Just how competitive is real estate in New Zealand?

Alistair Helm

On the face of it the New Zealand real estate industry is incredibly competitive. There are more than 10,000 licensed agents all fighting for just 76,000 property sales a year. That’s barely one sale per agent every six weeks of work, one income-bearing sale  lean pickings indeed!

Some might argue that there are too many agents fighting for a slice of the real estate cake. That might well be true but, on the face of it, it certainly looks to be a highly competitive industry. Further to support this belief is the extent of marketing undertaken by individual agents eager to secure your business, all showcasing their skills and experience.

The differentiation of one real estate agent from another, or one real estate company from another in New Zealand is paper thin – they all have a list of glowing referrals as long as your arm and offer "Free Appraisals" as if this was a compelling point of difference.

However, when was the last time you saw a New Zealand real estate company undertake this type of advertising?

I am grateful to Robert Brown who snapped this photo from a train in Kent, England.

For clarity let me share the text of the advert:


You wouldn't take a slow train, so why us a slow agent?

"Strutt & Parker sells houses faster than any other agent in Sevenoaks. And whether in town or country, we achieve on average, 99% of the guide price".


Now that kind of messaging in advertising certainly gets me interested. 

To have this type of insight and performance metrics to guide my decision as to which agent to use would be far more powerful than endless testimonials that all praise the agents to the skies. 

The problem with testimonials is that they are curated. When was the last time a testimonial expressed anything but glowing endorsement? In today’s world, negative reviews as part of an open dialogue of customer feedback is far from being viewed as the death knell of a business. Far from it in fact as the honest balanced feedback is judged positively. Having rich comparative data on agent performance would be a great competitive advantage for any real estate company or individual agent.

A New Zealand real estate company that could deliver this performance as demonstrated by Strutt & Parker would not only be able to gain new customers, it could also attract the best agents. Such competition would certainly force other real estate companies to seek to better understand why their performance lagged behind the leader. This would engender competition in the industry, drive efficiency and enhance customer satisfaction.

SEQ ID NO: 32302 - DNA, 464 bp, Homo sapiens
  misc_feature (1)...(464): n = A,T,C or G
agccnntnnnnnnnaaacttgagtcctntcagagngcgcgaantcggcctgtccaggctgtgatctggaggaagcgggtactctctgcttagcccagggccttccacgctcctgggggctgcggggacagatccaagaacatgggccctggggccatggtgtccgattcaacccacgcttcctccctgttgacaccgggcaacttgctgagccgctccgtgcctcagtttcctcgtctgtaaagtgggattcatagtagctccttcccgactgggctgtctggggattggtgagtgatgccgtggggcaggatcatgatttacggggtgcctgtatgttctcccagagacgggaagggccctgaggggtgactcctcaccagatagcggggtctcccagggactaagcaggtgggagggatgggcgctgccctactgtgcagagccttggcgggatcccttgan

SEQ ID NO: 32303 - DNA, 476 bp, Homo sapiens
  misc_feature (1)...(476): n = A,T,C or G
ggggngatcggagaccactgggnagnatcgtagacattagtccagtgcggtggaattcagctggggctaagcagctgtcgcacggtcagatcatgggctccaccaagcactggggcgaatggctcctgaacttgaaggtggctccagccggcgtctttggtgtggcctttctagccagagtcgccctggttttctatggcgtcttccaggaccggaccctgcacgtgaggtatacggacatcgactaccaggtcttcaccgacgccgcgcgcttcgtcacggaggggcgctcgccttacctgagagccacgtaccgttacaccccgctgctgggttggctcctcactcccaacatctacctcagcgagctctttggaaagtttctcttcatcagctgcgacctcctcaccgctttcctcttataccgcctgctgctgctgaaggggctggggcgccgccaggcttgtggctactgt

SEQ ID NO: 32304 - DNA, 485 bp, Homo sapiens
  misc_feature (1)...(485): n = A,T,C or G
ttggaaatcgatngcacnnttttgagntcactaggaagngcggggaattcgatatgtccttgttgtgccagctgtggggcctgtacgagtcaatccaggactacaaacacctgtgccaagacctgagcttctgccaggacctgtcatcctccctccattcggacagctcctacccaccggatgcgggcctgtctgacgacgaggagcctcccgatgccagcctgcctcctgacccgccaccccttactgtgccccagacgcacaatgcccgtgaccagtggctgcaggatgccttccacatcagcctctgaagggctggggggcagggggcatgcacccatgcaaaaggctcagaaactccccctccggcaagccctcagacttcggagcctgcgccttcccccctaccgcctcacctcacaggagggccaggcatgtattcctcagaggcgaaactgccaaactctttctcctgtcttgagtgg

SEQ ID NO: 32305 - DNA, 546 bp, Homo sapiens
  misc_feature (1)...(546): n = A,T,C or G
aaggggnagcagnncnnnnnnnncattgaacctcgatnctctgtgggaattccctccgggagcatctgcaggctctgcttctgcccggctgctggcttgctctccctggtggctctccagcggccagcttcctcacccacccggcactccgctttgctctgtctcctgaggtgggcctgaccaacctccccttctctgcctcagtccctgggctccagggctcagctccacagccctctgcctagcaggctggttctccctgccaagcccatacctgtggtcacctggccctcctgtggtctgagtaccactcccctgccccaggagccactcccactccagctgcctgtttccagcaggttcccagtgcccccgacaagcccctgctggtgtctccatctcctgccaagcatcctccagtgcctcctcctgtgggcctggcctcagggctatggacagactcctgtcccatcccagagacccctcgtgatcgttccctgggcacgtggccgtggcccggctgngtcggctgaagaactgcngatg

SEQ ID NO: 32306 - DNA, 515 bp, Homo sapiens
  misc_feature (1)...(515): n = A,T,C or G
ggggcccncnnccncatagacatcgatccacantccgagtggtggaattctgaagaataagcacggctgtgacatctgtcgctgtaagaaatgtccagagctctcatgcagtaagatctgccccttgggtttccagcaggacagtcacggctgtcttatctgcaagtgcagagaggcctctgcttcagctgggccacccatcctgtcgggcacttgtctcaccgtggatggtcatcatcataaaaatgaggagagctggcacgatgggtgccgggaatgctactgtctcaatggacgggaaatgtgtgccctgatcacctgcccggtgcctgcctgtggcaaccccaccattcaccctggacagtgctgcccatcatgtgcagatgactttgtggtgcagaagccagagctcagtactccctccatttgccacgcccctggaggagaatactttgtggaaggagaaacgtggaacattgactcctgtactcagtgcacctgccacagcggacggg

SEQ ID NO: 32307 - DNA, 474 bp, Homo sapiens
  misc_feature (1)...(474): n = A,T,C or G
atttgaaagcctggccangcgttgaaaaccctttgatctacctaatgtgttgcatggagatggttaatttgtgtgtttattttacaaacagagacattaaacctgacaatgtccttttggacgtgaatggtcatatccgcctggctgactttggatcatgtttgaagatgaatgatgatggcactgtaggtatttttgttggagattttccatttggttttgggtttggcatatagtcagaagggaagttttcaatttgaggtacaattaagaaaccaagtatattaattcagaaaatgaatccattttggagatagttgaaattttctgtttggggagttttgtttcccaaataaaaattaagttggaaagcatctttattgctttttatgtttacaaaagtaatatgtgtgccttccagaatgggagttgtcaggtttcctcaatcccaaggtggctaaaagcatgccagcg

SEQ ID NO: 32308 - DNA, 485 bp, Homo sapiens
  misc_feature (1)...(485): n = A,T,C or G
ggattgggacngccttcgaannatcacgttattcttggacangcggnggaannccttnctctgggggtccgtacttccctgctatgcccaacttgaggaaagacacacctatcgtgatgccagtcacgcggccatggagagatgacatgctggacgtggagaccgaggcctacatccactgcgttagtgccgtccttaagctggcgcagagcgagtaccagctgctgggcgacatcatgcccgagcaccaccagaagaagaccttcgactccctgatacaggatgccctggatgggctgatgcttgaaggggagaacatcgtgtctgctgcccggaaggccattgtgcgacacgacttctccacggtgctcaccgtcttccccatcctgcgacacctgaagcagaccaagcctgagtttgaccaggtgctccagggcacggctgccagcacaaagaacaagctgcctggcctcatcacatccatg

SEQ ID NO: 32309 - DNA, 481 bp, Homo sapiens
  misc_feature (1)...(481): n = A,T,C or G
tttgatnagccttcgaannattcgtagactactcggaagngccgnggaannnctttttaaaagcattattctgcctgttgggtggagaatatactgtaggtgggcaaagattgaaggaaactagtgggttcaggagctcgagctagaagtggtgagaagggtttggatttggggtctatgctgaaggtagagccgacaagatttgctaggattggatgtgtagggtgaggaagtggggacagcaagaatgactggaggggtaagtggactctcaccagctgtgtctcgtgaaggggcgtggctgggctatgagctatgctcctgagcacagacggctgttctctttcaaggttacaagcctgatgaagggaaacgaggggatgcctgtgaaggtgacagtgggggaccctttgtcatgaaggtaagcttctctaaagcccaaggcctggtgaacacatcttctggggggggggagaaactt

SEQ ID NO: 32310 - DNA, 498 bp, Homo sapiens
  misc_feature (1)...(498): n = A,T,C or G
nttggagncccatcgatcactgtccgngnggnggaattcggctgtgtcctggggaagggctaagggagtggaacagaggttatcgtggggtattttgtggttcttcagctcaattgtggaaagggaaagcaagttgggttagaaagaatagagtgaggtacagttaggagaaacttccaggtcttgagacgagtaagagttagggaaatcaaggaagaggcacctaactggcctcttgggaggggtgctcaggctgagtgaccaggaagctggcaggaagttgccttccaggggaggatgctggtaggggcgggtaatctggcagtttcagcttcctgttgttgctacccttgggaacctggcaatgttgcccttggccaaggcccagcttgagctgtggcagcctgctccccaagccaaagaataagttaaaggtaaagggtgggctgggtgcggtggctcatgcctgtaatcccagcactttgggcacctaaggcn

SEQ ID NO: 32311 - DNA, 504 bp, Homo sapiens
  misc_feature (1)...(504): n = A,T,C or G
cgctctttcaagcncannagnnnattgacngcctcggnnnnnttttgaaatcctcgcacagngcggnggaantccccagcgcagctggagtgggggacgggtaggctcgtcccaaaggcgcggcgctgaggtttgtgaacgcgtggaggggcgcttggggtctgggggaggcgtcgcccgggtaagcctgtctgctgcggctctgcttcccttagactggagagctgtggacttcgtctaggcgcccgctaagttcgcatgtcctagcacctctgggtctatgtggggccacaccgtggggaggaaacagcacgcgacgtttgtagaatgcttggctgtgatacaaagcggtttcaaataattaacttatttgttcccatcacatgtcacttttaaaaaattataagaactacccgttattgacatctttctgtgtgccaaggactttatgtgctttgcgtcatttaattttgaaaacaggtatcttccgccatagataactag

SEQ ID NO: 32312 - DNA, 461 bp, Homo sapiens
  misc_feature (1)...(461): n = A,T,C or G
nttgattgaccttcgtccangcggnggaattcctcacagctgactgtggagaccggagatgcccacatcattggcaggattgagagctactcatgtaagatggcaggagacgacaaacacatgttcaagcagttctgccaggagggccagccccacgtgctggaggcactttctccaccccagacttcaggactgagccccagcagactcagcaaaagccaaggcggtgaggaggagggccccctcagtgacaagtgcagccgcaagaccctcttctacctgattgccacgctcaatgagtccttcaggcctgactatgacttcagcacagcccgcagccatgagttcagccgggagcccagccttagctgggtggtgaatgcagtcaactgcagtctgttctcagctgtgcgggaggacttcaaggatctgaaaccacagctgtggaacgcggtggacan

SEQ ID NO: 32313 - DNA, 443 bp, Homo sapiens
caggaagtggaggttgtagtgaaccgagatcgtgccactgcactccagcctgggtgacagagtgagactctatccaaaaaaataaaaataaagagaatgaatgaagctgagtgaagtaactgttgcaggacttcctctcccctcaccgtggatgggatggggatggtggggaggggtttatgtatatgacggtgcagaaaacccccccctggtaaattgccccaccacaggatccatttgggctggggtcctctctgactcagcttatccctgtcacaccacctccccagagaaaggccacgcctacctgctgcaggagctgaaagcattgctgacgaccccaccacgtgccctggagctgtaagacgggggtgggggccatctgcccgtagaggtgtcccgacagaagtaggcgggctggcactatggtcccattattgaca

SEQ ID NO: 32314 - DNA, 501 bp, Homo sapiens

Although I am sure there will be detractors to this article and this fundamental question, there is no denying the fact that real estate has metrics. Be it the days-on-market, the asking price to sales price ratio, the marketing investment vs return, or the market share of a real estate company (there is one company for which such data exists  Barfoot & Thompson). The key question is, do real estate companies hold themselves accountable to these metrics and do they want to from a public accountability perspective?

The Real Estate Institute as the industry association with the majority of licensed agents and offices as members has within itsCode of Agency Practice the following clause:


Clause 9.

Ensure that all advertising and marketing materials and conduct of the Agency Member and their employees is a fair representation of all relevant facts, and therefore not in breach of any relevant statutory requirement (such as the Fair Trading Act 1986 and the Commerce Act 1986). 

Ensure advertising and marketing content does not denigrate other competitors or the wider real estate profession or practitioners. 


The second paragraph is the key as the industry interprets this (or has agreed to interpret this – based on conversations I have had within the industry) as companies and agents should not use data from the Real Estate Institute published sales data to undertake comparative advertising which would "denigrate other competitors."

We live in a digital world, one in which we can evaluate our tradespeople, our local cafe and every product we want to buy. We can use the collected wisdom of the global community to guide our decisions, so why is it that the decision to seek to find a professional to facilitate the largest transaction of our lives cannot be better informed through access to performance data?

This is not to say that the decision of the choice ofagent or real estate company should be a purely objective decision, because the feel and fit of the right agent is also key as are referrals but a third leg to the decision stool adds stability and surety to the decision.

Former Realestate.co.nz CEO Alistair Helm is founder of Properazzi.

 

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